Long term memory is the system that holds info for an _____ period of time.
Some info processing theorists suggest long term memories are ____ and what we call forgetting is a failure of ______ not loss of memory. However, there is a great deal of disagreement and several competing theories of forgetting.
Unlike short term memory, long term memory appears to have ______ storage capacity.
Long term memory is very _____ system.
Research has suggested that new memories are fit into a network of ______, organized knowledge.
What we think of as remembering is the process of locating and ______ info from long term storage.
Retrieval can be either ___ or _____.
recall or recognition
_____ is remembering when the cue for retrieval is the info to be remembered.
Selecting the correct response to a multiple choice question is an example of ______.
_____, a much more difficult retrieval process, involves remembering after being given a less helpful cue.
Answering teh question, "what did you eat for breakfast?" is an example of the ____ process.
According to Piaget's theory, newborns are equipped with ___ perceptual systems that enable them to interact with the environment.
Young infants explore their environment by sucking on objects, holding and manipulating them, and visually tracking them. Out of this sensorimotor activity, infants construct ______.
A _____ is an organized pattern of action or though.
An example of a ____ is the grasping scheme in which an infant must coordinate a sequence of actions to succesfully grasp an object.
During Piaget's sensorimotor stage a child constructs ____ shema and improve their ability to engage in coordinated action. A child in this stage develops skills in _______ when the problem involves sensorimotor activities or goals.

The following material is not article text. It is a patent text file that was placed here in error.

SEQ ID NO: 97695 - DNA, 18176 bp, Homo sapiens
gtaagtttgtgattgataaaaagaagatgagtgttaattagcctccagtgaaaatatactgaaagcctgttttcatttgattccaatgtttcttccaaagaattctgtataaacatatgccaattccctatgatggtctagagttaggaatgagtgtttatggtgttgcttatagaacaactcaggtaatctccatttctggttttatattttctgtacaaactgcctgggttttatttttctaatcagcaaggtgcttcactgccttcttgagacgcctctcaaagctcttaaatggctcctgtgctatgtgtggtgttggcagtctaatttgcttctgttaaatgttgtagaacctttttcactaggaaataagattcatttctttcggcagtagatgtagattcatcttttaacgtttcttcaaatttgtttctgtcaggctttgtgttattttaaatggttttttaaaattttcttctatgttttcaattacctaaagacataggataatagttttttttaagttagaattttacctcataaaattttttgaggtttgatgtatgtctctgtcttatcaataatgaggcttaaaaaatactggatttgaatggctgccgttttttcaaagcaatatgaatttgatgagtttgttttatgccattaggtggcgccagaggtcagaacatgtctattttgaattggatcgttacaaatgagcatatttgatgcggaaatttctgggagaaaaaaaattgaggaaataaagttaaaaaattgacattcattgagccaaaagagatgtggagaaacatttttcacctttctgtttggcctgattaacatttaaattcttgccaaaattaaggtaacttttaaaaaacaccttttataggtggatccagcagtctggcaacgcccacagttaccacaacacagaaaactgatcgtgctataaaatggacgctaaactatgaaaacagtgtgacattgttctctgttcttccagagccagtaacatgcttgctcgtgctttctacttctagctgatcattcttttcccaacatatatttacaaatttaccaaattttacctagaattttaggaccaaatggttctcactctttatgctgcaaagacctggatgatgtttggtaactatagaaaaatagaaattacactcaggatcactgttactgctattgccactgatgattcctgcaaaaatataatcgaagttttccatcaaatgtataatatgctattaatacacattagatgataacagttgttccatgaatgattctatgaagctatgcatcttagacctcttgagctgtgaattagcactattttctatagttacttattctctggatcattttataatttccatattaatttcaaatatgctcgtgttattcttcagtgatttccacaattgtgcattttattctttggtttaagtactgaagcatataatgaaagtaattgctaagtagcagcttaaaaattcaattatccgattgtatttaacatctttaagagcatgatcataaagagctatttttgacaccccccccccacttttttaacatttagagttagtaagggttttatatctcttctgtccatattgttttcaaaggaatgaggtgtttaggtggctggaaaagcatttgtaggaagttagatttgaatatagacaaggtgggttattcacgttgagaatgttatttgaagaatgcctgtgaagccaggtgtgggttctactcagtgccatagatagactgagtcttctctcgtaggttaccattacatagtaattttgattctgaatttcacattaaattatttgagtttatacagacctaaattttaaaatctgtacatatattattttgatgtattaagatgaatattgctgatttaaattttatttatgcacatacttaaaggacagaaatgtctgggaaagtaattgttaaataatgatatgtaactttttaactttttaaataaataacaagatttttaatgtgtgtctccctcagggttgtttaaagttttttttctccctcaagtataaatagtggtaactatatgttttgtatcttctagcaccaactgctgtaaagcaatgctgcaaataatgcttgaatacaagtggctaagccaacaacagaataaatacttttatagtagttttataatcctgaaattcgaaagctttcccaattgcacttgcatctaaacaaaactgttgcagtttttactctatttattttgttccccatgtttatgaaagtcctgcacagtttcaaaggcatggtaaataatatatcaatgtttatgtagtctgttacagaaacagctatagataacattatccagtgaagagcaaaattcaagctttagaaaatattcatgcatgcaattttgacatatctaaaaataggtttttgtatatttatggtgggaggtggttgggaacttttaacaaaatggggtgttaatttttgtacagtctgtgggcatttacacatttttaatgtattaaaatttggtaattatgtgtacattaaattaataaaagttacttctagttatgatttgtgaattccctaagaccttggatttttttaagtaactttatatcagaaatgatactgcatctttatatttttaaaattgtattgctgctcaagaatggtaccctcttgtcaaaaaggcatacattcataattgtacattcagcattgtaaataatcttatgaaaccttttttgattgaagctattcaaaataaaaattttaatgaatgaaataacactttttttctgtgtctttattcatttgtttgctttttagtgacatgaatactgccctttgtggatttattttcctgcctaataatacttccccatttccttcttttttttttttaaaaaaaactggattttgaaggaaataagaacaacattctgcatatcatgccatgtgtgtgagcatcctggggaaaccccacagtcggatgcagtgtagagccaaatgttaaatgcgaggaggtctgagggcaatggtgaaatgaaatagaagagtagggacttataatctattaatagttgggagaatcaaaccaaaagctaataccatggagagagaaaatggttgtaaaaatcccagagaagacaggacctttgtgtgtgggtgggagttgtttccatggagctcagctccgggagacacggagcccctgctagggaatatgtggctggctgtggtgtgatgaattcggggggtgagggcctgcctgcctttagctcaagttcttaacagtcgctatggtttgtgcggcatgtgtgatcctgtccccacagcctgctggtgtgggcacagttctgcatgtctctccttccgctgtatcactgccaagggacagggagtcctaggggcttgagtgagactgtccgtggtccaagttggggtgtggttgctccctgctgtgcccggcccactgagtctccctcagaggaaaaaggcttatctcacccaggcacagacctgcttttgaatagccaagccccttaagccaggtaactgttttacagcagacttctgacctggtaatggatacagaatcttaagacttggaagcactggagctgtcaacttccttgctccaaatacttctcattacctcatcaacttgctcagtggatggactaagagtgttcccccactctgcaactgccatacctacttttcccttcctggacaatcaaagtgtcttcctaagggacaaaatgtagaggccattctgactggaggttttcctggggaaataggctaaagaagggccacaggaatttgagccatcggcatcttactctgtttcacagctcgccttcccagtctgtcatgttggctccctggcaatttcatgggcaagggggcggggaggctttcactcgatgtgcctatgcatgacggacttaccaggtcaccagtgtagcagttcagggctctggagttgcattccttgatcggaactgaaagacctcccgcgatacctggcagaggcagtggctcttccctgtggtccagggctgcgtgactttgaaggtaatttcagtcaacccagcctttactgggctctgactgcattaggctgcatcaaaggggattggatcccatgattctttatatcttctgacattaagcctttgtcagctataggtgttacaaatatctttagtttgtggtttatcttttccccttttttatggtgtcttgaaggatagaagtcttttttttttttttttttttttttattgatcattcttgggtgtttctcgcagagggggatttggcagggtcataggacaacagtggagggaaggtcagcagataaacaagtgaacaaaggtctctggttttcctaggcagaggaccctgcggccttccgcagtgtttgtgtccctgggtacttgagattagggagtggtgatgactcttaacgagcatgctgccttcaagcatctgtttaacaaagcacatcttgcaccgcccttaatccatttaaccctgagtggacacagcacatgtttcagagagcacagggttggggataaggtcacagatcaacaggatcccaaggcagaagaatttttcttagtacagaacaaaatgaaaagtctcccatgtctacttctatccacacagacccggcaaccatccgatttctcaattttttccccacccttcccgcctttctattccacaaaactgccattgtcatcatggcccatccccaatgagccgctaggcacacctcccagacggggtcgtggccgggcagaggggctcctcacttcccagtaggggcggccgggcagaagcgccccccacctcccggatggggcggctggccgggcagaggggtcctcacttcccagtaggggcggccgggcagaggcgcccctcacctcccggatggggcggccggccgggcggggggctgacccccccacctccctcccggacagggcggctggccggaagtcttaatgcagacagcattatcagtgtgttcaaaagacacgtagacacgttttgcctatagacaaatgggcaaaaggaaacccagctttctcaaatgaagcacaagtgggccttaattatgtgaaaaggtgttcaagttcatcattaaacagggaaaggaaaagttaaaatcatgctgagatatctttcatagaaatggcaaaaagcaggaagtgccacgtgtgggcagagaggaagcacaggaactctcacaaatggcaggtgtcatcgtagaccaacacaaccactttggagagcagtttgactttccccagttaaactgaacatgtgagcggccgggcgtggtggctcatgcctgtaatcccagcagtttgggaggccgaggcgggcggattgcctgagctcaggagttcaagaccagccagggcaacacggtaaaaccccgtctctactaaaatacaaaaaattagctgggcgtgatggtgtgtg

During the ______ stage another achievement is object permanence.
_______ can be tested by taking a toy and hiding it under a blanket in full view of the child then observing their reactions. Infants 4-8 months act as if an object is ____ there. Between 8-12 months of age a child will ___- under the blanket.
Object permanence is not fully grasped according to Piaget until the _____ of the first stage, sensorimotor stage.
The final achievements of the sensorimotor stage are _____ which is the ability to use one thing to stand for another, and deferred imitation.
______ is illustrated in the pretend play of children. Children can and will use a broom for a horse.
______ is modeling someone else's behavior some time after observing the model.
When a child engages in pretend play and shows deferred imitation, he or she has shifted into the second stage of ______.
Piaget gave this stage the name peoperations because even though a child in this stage is capable of using mental schema (operations), these schema are not _____
The preoperations stage describes the way that children in preschool and kindergarten go about _______.
The _______ child lacks the logical concepts of conservation, classification, seriation, and class inclusion which develops in the next stage.
______ is the understanding that the quantity of liquid, or number, or volume does not change unless you add or take some away.
Preoperational thinkers are fooled by the ____ change in how liquid looks and believe the quantity has changed when its in a small beaker and then a big beaker.
_____ is the ability to rank order objects on a dimension like height or length.
_____ is the ability to organize items into groups based on shared characteristics or features.
_______ is the ability to represent exemplars of categories in superordinate and subordinate levels.
_____ have difficulty keeping levels of a hierachically organized system in mind at the same time.